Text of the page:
1507P - Correlation between tumour necrosis and overall survival in adults with osteosarcoma treated with neoadjuvant cisplatin and doxorubicin

Date 29 September 2012
Event ESMO Congress 2012
Session Poster presentation I
Topics Anti-Cancer Agents & Biologic Therapy
Bone Sarcomas
Presenter Gareth Rivalland
Authors G. Rivalland, D. Porter
  • Cancer And Blood Service, Auckland City Hospital, 1023 - Auckland/NZ



The degree of tumour necrosis following neoadjuvant chemotherapy has crucial prognostic significance in methotrexate containing regimens. We examined whether a similar relationship exists for a non methotrexate containing regimen in a cohort of adult patients treated at the Auckland Regional Cancer Service between Feb 1996 and Feb 2011.


We retrospectively identified 35 patients with high grade osteosarcoma using data recorded prospectively in the New Zealand Bone Tumour registry and regional pathology laboratories. All patients received neoadjuvant cisplatin and doxorubicin, without high dose methotrexate. Reported necrosis rates following surgery clustered into 3 groups: >90%, 30-65% and <20%. We analysed patients according to poor (<20% necrosis), intermediate (20-90% necrosis) or good (>90% necrosis) prognostic groups. Analysis was on an intention-to-treat basis.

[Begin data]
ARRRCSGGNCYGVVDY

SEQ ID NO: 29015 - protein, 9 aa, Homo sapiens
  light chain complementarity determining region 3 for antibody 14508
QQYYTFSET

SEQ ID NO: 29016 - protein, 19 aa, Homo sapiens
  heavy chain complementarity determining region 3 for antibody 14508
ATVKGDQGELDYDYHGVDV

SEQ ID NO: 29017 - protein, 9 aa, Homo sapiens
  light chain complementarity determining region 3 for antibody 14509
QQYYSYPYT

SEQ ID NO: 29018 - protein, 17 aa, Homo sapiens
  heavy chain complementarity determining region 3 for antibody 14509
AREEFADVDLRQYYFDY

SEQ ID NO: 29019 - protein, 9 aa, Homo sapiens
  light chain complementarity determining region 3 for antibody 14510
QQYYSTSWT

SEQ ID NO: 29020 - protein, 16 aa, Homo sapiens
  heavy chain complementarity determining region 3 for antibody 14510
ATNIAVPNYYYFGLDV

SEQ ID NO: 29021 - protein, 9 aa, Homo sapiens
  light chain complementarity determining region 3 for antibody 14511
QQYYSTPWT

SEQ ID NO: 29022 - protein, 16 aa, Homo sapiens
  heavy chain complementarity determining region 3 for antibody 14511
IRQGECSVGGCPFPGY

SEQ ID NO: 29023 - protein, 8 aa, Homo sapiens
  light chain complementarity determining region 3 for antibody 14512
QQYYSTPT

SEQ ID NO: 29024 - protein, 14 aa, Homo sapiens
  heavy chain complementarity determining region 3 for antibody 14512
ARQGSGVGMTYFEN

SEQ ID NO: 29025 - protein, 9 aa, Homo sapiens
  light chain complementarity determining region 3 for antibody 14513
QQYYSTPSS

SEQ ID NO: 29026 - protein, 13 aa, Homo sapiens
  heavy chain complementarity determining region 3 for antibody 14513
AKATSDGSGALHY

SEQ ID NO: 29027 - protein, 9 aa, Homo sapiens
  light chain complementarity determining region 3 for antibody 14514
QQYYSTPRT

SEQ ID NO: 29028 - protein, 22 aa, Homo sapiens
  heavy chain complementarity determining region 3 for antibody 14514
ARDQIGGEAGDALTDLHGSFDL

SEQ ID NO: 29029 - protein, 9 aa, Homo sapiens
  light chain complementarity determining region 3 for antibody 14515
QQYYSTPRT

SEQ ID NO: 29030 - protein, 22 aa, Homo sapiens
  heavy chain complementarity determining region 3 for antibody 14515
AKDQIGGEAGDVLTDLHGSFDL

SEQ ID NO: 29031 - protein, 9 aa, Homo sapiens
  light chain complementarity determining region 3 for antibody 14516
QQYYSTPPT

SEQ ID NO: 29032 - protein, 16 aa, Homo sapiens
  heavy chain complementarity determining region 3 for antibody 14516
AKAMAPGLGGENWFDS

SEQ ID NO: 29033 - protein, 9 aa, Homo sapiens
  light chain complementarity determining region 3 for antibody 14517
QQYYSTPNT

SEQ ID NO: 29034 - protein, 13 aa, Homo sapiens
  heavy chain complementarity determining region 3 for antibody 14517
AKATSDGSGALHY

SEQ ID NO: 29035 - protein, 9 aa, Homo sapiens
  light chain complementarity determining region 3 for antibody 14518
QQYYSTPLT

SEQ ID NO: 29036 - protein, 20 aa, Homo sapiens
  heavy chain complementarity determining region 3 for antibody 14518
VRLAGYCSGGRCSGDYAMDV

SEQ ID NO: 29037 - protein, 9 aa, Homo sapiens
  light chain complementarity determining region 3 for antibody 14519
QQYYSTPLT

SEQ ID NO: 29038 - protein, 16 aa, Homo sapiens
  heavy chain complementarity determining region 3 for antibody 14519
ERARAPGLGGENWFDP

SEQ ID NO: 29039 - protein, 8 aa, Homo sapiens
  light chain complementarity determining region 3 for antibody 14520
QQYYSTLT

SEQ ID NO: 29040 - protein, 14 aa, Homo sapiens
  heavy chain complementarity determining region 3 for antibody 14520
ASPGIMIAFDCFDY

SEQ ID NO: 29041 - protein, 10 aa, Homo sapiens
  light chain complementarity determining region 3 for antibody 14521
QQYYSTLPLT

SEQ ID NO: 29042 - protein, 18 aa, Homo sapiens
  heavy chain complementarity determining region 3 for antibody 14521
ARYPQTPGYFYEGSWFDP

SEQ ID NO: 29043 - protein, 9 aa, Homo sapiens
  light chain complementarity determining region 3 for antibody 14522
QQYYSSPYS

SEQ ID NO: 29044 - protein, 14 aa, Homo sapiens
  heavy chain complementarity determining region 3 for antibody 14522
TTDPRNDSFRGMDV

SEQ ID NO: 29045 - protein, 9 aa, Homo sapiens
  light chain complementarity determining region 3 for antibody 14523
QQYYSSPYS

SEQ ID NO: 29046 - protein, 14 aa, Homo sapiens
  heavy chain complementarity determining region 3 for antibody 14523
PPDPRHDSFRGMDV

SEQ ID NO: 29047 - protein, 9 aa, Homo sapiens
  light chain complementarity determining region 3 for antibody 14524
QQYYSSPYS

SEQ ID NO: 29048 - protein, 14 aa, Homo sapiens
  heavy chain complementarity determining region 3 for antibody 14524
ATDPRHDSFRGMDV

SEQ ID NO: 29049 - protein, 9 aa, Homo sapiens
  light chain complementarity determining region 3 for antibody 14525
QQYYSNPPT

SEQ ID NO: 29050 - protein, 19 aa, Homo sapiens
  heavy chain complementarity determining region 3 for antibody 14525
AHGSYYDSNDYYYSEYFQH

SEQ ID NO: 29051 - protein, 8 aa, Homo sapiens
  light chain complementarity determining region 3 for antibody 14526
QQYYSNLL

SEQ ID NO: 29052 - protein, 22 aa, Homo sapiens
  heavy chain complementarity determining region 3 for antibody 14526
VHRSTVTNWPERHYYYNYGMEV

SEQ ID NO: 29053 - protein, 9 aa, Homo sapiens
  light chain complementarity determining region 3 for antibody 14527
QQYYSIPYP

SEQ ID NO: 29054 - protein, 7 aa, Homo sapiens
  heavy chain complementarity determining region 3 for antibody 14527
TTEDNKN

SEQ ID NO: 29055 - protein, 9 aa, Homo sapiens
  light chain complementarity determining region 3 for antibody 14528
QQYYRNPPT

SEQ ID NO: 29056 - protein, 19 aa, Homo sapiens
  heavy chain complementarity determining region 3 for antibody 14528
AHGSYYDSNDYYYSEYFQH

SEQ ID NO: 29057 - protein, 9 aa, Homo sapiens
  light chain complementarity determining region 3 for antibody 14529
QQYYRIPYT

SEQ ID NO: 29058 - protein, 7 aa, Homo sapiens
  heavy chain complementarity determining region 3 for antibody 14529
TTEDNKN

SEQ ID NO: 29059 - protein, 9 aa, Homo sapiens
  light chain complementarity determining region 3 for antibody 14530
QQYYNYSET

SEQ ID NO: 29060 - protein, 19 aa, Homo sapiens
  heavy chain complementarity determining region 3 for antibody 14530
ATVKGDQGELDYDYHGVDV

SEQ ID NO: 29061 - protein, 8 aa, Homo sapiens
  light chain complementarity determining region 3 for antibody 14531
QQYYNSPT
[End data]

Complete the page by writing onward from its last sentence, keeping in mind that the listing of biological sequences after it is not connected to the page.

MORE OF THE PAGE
Median overall survival was 130.6 months, with a 5-year survival of 52%. Of the 35 patients, 29% were in the “poor”, 46% in the “intermediate” and 26% in the “good” prognostic groups. Median survival was significantly different between the “good”, “intermediate” and “poor” prognostic groups (“not reached” vs 50.1 mo vs 23.7 mo (logrank test, p = 0.05). 5-year overall survival rate for the “poor”, “intermediate” and “good” groups was 23%, 49% and 83% respectively. 16 patients (46%) relapsed; 13 patients relapsed (81%) in the lungs alone, 1 local recurrence, 2 lung and other sites. 8 underwent metastasectomy with a median survival of 50 mo vs 21 mo in those whose disease was not operable (p = 0.0009).


This study demonstrates a clear trend to better outcomes with greater degrees of tumour necrosis, but challenge the dogma that necrosis of less than 90% confers a uniformly poor prognosis. Those in the “intermediate” and “poor” response groups had lower 10-year survival rates, but there were long-term survivors in both groups. Overall survival in the “poor” response group is similar to that of historical controls treated by surgery alone, despite a change of chemotherapy in 40% of this group Those with relapsed disease have significant benefit from surgery for metastases.


D. Porter: Previous consulting fro Pfizer. Current consulting for GSK. Previous travel grant from Novartis.

All other authors have declared no conflicts of interest.